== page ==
Harrison County commissioners tackle well being division oversight invoice | Information

CLARKSBURG, W.Va. (WV News) – Harrison County commissioners have said they do not endorse a bill requiring them to sign decisions from the local health department.

Senate Bill 12 would require district committees and other appointing bodies to approve all rules passed by local health officials within 30 days. Approval would be required before the rule could be implemented. The rule could only come into effect in the jurisdiction of the appointing body that approved it.

The bill would also allow county commissions and other appointing agencies to remove a member of the health committee for cause, require health departments to make a notice when a rule is adopted, promulgated or changed in the state register and on their website, and local Regulations require health departments to comply with guidelines developed by the state health officer for public health emergencies.

In Harrison County, the County Commission and Clarksburg City Council each appoint three members to the Health Committee that governs Harrison-Clarksburg Health Department. Therefore, both the Commission and Clarksburg City Council would vote on the health regulations.

The commission on Wednesday asked the county staff to write to the county’s delegation to the legislature stating that the commission did not endorse the legislation.

“Charleston stated that Harrison County is in favor of this legislation,” said County Administrator Willie Parker. “I don’t know where that came from.”

All three commissioners said they had not expressed their support for the bill.

“I don’t want that,” said Commissioner Patsy Trecost, who is also one of the county’s appointees for the Harrison County Board of Health.

The Board of Health has experts from diverse medical backgrounds who are part of the health industry, he said.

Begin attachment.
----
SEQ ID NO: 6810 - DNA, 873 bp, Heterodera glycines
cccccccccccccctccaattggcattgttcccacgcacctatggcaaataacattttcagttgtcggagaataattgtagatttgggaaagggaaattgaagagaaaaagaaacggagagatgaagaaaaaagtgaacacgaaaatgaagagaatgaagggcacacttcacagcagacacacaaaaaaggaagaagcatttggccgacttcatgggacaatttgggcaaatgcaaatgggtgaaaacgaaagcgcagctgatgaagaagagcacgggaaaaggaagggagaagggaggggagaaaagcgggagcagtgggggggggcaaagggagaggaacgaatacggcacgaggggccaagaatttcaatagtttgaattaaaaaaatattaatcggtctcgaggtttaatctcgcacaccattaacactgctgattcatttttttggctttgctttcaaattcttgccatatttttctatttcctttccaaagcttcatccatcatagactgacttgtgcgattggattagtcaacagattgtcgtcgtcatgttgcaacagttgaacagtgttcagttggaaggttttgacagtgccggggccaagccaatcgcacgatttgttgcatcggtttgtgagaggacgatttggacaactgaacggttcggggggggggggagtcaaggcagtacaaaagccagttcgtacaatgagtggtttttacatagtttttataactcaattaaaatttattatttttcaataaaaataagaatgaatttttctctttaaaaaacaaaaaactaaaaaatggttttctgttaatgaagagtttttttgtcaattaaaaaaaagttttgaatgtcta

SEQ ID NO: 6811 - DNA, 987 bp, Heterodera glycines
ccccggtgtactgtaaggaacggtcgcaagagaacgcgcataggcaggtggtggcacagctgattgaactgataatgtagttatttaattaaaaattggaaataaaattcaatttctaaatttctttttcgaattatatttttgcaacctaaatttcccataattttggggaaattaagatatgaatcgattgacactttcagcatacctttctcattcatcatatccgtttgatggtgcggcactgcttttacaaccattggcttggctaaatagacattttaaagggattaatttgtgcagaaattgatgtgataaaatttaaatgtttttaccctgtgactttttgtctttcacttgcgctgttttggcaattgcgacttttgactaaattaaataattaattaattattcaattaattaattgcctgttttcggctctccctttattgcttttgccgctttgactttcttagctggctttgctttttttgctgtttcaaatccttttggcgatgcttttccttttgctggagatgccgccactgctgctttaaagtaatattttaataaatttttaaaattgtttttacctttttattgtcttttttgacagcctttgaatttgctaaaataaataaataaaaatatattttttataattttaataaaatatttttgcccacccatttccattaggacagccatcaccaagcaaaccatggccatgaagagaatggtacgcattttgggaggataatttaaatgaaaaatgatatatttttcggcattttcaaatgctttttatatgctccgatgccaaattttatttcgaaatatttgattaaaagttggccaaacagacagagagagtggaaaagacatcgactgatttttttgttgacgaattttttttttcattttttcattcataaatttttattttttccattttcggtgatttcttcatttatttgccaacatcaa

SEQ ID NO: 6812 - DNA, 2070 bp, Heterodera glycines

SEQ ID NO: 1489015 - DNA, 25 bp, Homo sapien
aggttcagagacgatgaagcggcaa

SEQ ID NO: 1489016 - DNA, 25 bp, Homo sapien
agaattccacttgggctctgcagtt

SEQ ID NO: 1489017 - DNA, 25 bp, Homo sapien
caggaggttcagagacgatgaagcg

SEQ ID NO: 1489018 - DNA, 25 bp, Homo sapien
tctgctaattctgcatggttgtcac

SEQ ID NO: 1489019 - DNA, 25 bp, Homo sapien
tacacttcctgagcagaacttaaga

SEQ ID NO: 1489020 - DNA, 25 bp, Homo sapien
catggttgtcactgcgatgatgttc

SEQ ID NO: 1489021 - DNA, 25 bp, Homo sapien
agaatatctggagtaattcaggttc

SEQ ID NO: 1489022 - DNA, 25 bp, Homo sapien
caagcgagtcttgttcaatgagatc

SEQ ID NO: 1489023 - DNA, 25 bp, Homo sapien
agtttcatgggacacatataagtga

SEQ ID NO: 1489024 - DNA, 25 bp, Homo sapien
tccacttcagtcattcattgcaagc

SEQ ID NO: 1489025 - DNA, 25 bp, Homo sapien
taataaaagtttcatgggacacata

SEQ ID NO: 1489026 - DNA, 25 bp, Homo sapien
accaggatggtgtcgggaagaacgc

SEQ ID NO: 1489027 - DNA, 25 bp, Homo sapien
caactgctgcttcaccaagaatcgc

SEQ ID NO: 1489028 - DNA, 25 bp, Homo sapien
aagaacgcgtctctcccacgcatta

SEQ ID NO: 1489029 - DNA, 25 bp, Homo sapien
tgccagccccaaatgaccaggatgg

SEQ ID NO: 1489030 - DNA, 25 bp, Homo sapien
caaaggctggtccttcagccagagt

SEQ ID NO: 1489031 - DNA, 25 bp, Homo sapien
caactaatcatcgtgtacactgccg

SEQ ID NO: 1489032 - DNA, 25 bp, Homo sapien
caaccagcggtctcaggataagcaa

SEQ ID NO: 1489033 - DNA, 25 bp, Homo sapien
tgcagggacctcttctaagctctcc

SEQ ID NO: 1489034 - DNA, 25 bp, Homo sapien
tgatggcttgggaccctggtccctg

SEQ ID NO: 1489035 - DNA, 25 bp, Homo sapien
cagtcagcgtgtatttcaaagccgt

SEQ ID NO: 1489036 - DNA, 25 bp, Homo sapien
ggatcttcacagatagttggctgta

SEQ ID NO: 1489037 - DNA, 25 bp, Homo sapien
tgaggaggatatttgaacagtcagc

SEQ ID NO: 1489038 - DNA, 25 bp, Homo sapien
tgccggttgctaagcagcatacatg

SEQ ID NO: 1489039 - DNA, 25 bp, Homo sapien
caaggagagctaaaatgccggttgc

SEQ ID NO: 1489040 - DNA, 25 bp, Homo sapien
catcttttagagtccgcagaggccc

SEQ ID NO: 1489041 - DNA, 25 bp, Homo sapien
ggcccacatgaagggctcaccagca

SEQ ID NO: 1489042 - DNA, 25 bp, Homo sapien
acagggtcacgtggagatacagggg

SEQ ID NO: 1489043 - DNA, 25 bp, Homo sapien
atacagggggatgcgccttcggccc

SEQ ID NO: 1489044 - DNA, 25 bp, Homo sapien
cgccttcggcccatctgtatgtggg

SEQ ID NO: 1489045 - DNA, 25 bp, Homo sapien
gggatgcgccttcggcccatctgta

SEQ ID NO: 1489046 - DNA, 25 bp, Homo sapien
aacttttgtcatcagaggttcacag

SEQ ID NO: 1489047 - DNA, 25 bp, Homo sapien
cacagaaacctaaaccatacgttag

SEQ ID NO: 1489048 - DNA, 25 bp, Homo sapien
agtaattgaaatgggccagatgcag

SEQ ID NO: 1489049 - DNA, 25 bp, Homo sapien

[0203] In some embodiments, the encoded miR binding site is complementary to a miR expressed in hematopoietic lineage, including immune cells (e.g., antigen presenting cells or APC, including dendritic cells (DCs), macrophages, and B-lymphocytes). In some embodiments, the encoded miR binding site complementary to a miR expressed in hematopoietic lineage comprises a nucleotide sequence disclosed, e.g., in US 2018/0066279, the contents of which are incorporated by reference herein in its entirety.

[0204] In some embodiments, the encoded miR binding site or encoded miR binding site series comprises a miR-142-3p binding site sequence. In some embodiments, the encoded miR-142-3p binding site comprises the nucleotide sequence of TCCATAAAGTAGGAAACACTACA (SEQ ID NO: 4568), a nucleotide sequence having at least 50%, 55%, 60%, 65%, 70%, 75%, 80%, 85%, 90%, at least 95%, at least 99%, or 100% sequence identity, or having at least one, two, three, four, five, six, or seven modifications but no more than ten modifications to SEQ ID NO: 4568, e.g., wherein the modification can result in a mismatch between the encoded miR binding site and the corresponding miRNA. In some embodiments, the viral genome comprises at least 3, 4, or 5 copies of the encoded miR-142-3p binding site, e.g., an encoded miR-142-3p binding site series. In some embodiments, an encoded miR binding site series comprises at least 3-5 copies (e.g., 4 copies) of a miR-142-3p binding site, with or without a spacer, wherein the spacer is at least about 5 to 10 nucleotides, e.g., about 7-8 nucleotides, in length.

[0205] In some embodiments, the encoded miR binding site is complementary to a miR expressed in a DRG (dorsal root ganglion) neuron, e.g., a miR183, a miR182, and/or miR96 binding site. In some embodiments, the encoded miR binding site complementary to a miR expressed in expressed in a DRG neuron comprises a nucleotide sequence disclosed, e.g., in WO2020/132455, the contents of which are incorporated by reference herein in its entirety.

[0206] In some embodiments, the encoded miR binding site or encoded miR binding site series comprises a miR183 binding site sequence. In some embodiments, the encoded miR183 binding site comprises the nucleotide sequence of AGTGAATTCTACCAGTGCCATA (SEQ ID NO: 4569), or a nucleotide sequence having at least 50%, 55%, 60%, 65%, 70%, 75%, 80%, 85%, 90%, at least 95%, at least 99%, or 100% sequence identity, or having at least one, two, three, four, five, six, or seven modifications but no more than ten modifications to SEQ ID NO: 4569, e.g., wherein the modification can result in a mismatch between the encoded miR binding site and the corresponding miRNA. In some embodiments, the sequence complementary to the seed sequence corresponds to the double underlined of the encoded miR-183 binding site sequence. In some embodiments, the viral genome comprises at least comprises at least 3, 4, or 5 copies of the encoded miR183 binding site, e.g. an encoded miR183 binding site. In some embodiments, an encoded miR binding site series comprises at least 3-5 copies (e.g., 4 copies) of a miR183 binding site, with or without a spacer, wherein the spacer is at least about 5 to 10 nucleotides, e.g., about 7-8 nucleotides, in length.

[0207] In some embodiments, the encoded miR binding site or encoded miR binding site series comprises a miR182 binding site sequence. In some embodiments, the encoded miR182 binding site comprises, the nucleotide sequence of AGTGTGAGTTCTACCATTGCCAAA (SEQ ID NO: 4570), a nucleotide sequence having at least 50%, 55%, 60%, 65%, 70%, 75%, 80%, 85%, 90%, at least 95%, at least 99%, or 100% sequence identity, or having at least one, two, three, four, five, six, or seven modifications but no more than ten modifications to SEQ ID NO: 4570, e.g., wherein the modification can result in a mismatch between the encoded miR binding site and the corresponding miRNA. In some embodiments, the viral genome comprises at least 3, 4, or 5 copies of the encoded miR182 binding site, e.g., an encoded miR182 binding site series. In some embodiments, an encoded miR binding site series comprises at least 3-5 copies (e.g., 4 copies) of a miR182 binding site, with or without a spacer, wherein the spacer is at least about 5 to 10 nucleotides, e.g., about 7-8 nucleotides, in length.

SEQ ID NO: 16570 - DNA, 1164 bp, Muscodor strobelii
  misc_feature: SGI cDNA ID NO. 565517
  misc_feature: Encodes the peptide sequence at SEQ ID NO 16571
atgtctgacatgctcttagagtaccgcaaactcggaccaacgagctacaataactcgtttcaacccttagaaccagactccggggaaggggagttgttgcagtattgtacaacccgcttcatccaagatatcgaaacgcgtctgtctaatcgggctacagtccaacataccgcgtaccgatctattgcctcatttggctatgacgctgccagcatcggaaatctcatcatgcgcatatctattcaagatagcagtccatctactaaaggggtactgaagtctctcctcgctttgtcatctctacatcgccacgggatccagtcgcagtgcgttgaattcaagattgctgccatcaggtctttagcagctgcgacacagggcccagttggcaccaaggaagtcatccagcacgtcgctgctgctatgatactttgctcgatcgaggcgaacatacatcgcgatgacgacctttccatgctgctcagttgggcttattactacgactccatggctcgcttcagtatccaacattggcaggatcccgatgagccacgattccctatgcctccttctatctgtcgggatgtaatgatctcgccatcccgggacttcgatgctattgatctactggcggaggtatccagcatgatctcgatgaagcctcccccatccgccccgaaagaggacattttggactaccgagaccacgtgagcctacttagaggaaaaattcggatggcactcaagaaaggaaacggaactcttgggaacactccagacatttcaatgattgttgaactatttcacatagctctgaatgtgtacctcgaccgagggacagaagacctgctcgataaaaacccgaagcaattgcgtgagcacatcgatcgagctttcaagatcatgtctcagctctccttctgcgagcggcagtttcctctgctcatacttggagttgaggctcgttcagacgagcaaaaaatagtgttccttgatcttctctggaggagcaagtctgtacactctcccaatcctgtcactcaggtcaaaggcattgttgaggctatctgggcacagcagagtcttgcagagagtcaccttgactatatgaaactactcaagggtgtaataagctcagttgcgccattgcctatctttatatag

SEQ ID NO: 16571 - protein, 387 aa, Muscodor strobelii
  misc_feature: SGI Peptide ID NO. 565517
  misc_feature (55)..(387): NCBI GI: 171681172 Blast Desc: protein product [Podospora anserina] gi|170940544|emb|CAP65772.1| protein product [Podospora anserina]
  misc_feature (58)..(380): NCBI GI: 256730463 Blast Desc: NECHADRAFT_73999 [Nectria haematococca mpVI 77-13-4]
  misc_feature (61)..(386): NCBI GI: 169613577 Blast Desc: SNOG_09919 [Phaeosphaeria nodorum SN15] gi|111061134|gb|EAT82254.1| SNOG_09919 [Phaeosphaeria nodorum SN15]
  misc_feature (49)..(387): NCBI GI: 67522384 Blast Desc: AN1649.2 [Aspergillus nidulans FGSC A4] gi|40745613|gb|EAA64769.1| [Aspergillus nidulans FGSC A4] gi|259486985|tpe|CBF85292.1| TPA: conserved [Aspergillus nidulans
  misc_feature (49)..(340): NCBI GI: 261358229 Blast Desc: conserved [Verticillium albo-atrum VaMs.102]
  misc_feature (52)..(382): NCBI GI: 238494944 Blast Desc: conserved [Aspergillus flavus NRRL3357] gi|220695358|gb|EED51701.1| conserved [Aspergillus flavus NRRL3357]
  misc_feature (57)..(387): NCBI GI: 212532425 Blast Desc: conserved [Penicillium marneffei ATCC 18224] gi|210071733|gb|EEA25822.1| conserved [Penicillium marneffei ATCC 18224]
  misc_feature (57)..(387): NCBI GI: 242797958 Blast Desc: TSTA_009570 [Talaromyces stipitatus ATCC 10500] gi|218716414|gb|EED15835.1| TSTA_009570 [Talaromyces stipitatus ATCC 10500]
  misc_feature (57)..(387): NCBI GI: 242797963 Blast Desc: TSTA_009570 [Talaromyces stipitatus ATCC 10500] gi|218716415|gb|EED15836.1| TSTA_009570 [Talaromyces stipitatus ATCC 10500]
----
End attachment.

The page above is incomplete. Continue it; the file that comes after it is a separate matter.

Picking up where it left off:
“It’s more important that they make decisions about health needs across the county,” said Trecost.

According to Mayor Ryan Kennedy, Clarksburg City Council did not discuss the bill or take an official position.

Kennedy spoke only for himself and not for the council as a whole, saying he supported it.

“I prefer it. I don’t know about the majority of the council, ”he said. “Personally, I like the fact that it makes unaccountable bureaucrats accountable to someone who must be elected by the people of the county or town.”

Different versions of the bill were passed by the House of Representatives and the Senate last week, so the bill will be sent back to the Senate. Senators can approve changes made by parliament or start working out the differences.

Senate Health and Human Resources Committee chairman Mike Maroney, R-Marshall, said the bill was in response to “sometimes tremendous, rampant encroachments on the rights of businesses and people” in the state.

“This bill did not ignite spontaneously. This bill came about because there were a number of issues that the legislature was made aware of, ”Maroney said.

Republicans argued that the bill would give citizens a greater voice in the decision-making process by ensuring that the decisions of unelected health officials are approved by elected officials who are accountable to the people.

The Chairman of the House Committee on Health and Human Resources, Jeffrey Pack, R-Raleigh, described the bill as “inherently democratic”.

However, Democrats argued that the bill will include public health decisions to save expert lives and put political pressure on the process.

Senator Mike Romano, D-Harrison, said the bill is to “take public health out of the hands of experts and give it to people like me, county officials. The pressure is enormous. There is not a bit of pressure on the district commissions. The pressure is enormous to do what the few voices want, whether it is to allow smoking in restaurants or other numerous health problems. Elected officials are under pressure not to make the best decision for the county’s public health, but to make the best decision for their political future. “

Romano was previously a commissioner in Harrison County.

“Didn’t we see what happened when we put public health in the hands of people with a political future?” he asked. “We have 500,000 dead in this country due to the random patchwork of methods of fighting the pandemic, because every state had its own method, every state had its own politician in charge, every state had its own political future in jeopardy.”

The Senate passed its version of Senate Law 12 on Tuesday with 21 votes to 13. Two Republicans joined all Democrats to vote against the move. District 12 senators were split over the decision, with Senator Patrick Martin, R-Lewis, voting for and Romano against.

The House version of the bill was passed by a large 63-33 margin on Friday, despite 10 Republicans teaming up with all of the Democrats to vote no. Four Republicans were absent.

All Harrison County delegates voted for the bill, with the exception of Del. Clay Riley, R-Harrison, who was absent.

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